The "Progress" loaded a cargo, consisting of 419 tons of coal, at Amble, Northumberland, and sailed from thence, bound for Boulogne, in France, on the afternoon of the 24th December last, but being short of two able seamen, came to an anchor outside, and waited there until the men joined. Her draught of water was 13 ft. 5 in. aft and 11 ft. 7 in. forward. She was under the command of Mr. James McNamara, who held a certificate of competency numbered 102,342, and had a crew of 10 all told, made up as follows:—The master, mate, boatswain, two able seamen, a cook, who acted as steward also, and kept no regular watch, the chief engineer, second engineer, and two firemen. On the arrival of the men referred to she was got under weigh, and at about 4.15 p.m. her distance off the Coquet was estimated to be one mile. The weather at this time was described as clear, sea smooth, with light airs. From her position off the Coquet a course S. by E. magnetic was set and steered, according to the master and mate, until the fog signal was heard on Sutar Point, with the exception of a quarter of a point alteration more to the eastward, which was, they maintained, made some short time before. Up till this time, however, the engines, which had been kept going full speed, were now by the master's orders reduced to between slow and half speed, and, according to the master and mate's evidence, the course was altered from S. by E. 1/4 E. to S. by E. 1/2 E. As stated elsewhere, the men who steered the vessel from 6 to 8, and from 8 until she stranded, stated that the course S. by E. 1/4 E. was not changed to S. by E. 1/2 E. until after 8.30 p m. Be that as it may, either course was, after the flood tide set in about 8 o'clock, taking the vessel into dangerous proximity to the land. At 8 o'clock the mate went on watch and took up his place on the flying bridge, observing the course steered, he said, from time to time from the after part of the steering compass, there being no light in the upper binnacle. At 10 o'clock the mate, thinking the weather sufficiently clear, went below, reported to the master, who was turned in, that he thought they could now go full speed. The master's reply was, "Use your own judgment." The mate, after telegraphing full speed ahead, which order was immediately carried into effect, again took up his position on the flying bridge. At about 10.30 the mate saw something black, which he thought must be a fog bank, but before anything was done, the vessel, going full speed, struck the rocks, which were, he said, now perfectly visible. The master, hearing her grating on the rocks, rushed to the bridge. The engines were stopped and reversed, but without avail, the engineer reporting that the water was putting out the fires. Signals of distress were made and replied to by shore boats coming off, and very soon afterwards by the Staithes lifeboat. Meantime, however, the ship's own boats were put over, and the crew, with the exception of the master, mate, and second engineer, who landed shortly after in the Staithes lifeboat, got into them with, we were told, the bulk of their bolongings. Next day the vessel broke up, and ultimately became a total wreck about half-a-mile to the north of Staithes Nab.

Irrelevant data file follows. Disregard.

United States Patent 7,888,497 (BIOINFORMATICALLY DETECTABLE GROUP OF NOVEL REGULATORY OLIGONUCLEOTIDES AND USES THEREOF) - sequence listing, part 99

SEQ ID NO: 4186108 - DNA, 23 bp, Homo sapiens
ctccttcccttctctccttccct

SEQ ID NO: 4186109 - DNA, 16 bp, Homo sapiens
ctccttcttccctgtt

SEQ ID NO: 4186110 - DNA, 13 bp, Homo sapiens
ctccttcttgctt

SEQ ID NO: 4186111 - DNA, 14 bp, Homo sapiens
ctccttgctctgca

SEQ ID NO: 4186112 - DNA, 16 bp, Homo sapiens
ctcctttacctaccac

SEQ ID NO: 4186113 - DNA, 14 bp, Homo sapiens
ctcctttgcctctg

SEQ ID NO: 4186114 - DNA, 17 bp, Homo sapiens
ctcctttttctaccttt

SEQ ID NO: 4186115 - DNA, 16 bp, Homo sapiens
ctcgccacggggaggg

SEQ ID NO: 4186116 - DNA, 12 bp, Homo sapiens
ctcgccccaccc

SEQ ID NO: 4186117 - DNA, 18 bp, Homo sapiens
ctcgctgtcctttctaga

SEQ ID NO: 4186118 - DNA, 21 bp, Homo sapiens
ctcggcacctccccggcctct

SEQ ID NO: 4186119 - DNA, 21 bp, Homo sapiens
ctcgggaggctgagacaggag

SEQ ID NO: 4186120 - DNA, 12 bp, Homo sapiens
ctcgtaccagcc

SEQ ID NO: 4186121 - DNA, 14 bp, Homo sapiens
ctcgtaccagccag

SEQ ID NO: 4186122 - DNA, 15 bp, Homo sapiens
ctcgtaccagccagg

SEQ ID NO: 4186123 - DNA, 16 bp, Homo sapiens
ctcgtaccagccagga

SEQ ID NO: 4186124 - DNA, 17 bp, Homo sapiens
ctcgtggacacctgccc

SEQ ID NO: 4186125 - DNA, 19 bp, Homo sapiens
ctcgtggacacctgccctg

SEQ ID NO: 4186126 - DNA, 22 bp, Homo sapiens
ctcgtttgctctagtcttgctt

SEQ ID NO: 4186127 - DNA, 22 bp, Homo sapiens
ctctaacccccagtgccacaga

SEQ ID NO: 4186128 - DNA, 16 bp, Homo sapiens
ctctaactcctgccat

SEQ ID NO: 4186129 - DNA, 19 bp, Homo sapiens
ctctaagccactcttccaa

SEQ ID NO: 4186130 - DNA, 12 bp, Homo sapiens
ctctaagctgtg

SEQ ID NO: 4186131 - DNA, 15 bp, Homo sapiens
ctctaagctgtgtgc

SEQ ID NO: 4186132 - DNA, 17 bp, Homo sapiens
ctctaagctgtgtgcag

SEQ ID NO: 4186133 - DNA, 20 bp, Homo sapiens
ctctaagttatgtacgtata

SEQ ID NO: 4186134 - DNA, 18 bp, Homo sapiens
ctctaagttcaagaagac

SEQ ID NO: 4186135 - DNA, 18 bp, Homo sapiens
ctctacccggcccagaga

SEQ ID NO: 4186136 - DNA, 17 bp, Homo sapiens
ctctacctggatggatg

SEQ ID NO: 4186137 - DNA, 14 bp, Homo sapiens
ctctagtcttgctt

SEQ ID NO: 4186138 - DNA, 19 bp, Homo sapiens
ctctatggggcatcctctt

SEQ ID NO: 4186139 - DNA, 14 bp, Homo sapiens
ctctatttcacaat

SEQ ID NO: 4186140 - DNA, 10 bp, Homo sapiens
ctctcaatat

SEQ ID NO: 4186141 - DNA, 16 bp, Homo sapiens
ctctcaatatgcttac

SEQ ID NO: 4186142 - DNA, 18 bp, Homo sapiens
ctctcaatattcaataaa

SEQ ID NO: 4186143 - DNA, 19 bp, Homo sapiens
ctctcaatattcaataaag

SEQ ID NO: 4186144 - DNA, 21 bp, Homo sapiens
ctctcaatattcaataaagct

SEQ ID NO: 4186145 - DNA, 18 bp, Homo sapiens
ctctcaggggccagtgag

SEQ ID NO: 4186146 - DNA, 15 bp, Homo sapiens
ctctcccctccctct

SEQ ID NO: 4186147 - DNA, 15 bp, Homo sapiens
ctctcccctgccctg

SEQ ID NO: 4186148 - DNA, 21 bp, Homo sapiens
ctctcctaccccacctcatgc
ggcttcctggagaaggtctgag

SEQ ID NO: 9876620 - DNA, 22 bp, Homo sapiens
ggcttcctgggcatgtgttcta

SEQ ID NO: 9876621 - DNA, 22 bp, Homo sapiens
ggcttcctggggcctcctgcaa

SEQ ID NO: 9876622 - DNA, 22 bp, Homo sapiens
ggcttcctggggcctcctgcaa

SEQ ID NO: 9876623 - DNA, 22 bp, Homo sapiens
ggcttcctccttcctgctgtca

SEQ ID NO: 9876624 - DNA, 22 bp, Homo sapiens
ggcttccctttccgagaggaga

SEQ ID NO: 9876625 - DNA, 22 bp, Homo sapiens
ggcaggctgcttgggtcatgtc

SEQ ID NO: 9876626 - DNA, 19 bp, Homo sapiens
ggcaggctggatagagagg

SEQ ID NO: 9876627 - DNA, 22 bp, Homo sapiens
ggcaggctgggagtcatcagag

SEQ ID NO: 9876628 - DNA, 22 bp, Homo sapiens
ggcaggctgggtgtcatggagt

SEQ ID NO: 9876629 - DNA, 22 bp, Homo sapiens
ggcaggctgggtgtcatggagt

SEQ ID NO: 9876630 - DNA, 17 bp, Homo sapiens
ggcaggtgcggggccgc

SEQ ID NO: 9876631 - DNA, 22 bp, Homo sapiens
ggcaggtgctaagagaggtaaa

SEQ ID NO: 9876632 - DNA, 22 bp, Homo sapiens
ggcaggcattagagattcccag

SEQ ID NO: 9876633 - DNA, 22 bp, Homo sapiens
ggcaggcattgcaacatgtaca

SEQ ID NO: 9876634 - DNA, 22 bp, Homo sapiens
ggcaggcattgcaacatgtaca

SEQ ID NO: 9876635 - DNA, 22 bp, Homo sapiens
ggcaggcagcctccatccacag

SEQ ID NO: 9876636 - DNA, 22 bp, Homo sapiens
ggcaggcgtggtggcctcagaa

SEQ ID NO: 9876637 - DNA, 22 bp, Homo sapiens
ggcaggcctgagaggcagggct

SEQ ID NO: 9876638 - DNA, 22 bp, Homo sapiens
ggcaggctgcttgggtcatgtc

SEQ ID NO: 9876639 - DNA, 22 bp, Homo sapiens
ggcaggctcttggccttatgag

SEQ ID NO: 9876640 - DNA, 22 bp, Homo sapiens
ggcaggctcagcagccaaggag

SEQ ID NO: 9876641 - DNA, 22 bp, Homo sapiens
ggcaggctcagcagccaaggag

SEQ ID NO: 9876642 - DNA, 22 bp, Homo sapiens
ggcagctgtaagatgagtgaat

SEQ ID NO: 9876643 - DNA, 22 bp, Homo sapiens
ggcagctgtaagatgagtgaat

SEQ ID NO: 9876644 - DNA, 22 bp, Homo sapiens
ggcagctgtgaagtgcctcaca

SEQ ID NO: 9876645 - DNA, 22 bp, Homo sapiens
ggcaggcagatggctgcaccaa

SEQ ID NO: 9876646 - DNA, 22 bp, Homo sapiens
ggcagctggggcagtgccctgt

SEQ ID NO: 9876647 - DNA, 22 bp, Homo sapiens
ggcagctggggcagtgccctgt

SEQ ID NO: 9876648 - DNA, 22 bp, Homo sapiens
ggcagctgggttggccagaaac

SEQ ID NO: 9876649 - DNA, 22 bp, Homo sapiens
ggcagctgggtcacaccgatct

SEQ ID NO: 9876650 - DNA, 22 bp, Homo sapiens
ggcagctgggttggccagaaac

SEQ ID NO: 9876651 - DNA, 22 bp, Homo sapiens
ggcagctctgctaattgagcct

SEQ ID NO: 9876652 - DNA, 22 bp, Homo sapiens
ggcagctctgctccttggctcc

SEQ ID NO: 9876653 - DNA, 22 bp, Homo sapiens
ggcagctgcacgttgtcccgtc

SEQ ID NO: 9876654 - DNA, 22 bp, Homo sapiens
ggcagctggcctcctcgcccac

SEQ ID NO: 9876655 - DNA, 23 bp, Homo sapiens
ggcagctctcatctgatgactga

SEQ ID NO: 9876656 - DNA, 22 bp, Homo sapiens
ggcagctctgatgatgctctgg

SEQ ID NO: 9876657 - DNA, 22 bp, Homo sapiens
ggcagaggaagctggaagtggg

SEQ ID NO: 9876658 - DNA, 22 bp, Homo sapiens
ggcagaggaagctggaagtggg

The Court now desire to put on record the evidence adduced in support of the contention that ten men, distributed as they were in the "Progress" on the night in question, were sufficient for her safe navigation. We have expressed elsewhere our opinion on that question, and will now name the vessels which were known to the witnesses and considered by them as amply provided in the matter of men where a similar number performed all the sea duties required on coasting voyages. Mr. John McMeol, at present in command of the "Bessie Barr," one of Mr. R. B. Ballantyne's steamers, stated that he had sailed the "Progress," "Otto McCombie," and "Bessie Barr," boats of a similar size, with ten men in each, and never experienced any difficulty in doing so, and was of opinion that ten men were quite sufficient crew for such vessels. In a fog he always placed a man on the forecastle head, but in ordinary weather he had the look-out kept from the upper bridge. When the lights wanted trimming he was always called.

Mr. Archibald Johnstone, who had been in command of the "Otto McCombie" until she stranded lately near Holy Island, considered ten men an ample complement for her, and having commanded the "Doon" and "Afton," belonging to the Ayr Steam Shipping Company, found ten men quite sufficient. He considered two men and a watch quite as effective as three. Personally, he preferred the look-out kept from the forecastle head.

Mr. George Nisbet, clerk to Messrs. J. and M. Smith & Sons, shipowners, Glasgow, said they managed the steamer "Dunvegan," a vessel similar in size and rig to the "Progress," and that her crew consisted of ten men; regarding which they never heard any complaints. Their steamer "Bordeaux," carrying 600 tons, had 11 men. The "Rosslyn," carrying 650 tons, had 12, and he thought the "Achilles," carrying 500 tons, belonging to them also, had only ten of a crew.

On the other hand the former master of the "Progress," Captain Mackay, who the Court was informed had a civil action with the owners pending, produced letters, which were submitted to the Court, showing that when the reduction of the crew of the "Progress" from eleven to ten was suggested, he refused to sail her with that number. It transpired, however, that since then he had sailed the "Maggie Barr" with ten men, and never complained. The master of the "Progress," whose conduct formed the subject of this inquiry, stated that he would have been all the better of another man, but the owner, Mr. R. B. Ballantyne, arranged what crew she should carry, and he had simply to do the best he could with the men at his disposal.